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Avian malaria


Avian malaria and related parasites belong to a globally distributed group of vector-transmitted intracellular blood parasites (Haemosporida; transmitted primarily by mosquitoes and biting midges).  


As is the case in humans, these parasites can cause severe problems for infected birds (Valkiūnas 2005) and have therefore been suggested as model agents to study the affects of parasitism on the distributions and life-history characteristics of their hosts (Ricklefs 2010).


Using recently developed molecular techniques (DNA extractions from avian blood) and traditional parasitology methods (microscopy of blood smears), our lab is involved in several projects to describe the diversity, distribution and ecological impacts of avian malaria parasites in south Pacific birds.


Specifically, we are aiming to


  • Identify ecological and environmental determinants of parasite colonisation and persistence on small islands [using Heron Island, QLD as a model system; (Clark et al. 2014a)].

  • Contribute to and utilise global datasets of parasite genetic lineages [MalAvi database; (Bensch et al. 2009)] to describe large scale patterns in parasite diversity and distribution (Clark et al. 2014b)

  • Investigate patterns of parasite pressure and their potential influence on host divergence across islands in the New Caledonia archipelago

  • Describe spatial gradients in parasite pressure and how they relate to host migration strategies for long-distance migratory shorebirds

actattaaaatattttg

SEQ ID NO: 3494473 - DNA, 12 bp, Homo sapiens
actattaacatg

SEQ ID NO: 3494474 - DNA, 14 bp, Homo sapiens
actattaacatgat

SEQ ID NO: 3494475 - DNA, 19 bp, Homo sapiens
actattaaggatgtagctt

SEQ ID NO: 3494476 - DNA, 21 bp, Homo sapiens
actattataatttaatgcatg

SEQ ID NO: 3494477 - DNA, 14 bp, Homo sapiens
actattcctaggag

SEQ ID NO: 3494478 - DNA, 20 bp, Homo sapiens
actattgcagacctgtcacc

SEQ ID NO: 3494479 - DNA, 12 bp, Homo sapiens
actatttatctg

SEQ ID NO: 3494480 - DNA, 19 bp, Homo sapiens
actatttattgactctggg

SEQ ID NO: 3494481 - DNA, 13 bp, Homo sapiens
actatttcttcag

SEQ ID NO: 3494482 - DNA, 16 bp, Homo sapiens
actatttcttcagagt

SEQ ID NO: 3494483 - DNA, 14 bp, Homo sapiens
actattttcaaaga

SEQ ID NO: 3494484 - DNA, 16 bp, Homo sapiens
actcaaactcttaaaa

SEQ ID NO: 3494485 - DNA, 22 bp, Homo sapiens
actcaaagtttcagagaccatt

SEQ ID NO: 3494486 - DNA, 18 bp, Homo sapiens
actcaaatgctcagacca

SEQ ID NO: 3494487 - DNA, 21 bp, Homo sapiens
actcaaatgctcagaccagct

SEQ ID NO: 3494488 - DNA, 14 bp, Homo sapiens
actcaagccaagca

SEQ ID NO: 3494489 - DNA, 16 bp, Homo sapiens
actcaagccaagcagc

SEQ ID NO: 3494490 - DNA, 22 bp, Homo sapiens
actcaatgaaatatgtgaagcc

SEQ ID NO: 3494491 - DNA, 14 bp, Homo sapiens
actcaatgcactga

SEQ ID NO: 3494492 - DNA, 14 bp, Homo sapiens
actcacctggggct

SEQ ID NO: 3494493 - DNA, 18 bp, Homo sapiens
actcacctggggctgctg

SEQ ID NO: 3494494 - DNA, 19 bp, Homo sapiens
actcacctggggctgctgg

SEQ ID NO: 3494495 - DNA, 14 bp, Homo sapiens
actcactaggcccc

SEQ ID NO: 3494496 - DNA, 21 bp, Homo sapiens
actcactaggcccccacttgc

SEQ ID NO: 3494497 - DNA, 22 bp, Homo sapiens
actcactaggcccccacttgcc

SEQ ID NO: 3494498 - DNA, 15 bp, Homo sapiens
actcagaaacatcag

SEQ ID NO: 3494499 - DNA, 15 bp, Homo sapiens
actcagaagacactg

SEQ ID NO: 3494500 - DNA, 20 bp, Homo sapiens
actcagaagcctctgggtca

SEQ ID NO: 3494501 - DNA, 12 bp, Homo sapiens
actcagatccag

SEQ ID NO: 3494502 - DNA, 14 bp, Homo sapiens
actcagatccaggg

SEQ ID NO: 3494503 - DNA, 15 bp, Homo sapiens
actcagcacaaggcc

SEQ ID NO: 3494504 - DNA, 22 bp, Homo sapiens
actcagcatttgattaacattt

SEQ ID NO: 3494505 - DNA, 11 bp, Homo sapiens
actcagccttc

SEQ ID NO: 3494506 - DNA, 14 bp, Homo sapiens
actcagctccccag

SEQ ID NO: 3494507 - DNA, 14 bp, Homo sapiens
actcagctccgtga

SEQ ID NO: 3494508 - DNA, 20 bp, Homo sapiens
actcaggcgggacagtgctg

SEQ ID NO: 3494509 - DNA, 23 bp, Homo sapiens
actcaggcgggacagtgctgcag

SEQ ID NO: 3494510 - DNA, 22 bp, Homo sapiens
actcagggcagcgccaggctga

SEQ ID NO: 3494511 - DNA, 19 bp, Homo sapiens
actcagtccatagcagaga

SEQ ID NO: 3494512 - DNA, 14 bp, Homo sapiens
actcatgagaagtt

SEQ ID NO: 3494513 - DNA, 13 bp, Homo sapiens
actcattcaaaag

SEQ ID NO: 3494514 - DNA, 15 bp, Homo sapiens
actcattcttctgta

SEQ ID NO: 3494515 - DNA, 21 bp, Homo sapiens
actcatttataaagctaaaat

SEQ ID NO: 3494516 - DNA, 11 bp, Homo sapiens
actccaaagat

• Identify the roles that invasive species can play to influence prevalence patterns of parasites in native bird species (using the Indian Myna in southeast QLD in and northeast NSW as a model system)




These projects have been partly funded by research grants from BirdLife Australia and Birds Queensland (to N. Clark for Australia field and labwork) and the National Geographic Society (to S. Clegg for New Caledonia field and labwork).


Image credit: Nick Clark

Image credit: Nick Clark

Image credit: Nick Clark

Collaborators include


  • Dr. Sonya Clegg, Oxford University

  • Professor Marcel Klaassen, Deakin University

  • Dr. Rob Adlard, Queensland Museum

  • Dr. Rohan Clarke and Dr. Anders Concalves da Silva, Monash University


Useful references for avian malaria


Bensch, S., O. Hellgren, and J. Perez-Tris. 2009. MalAvi: a public database of malaria parasites  

     and related haemosporidians in avian hosts based on mitochondrial cytochrome b lineages.

     Molecular Ecology Resources 9:1353-1358.


Clark, N. J., R. D. Adlard, and S. M. Clegg. 2014a. First evidence of avian malaria in Capricorn

     Silvereyes (Zosterops lateralis chlorocephalus) on Heron Island. The Sunbird 44:1-11.


Clark, N. J., S. M. Clegg, and M. R. Lima. 2014b. A review of global diversity in avian

     haemosporidians (Plasmodium and Haemoproteus: Haemosporida): new insights from

     molecular data. International Journal for Parasitology 44:329-338.


Ricklefs, R. E. 2010. Evolutionary diversification, coevolution between populations and their

     antagonists, and the filling of niche space. Proceedings of the National Academy of Sciences



Valkiūnas, G. 2005. Avian malaria parasites and other haemosporida. CRC Press, Boca Raton,


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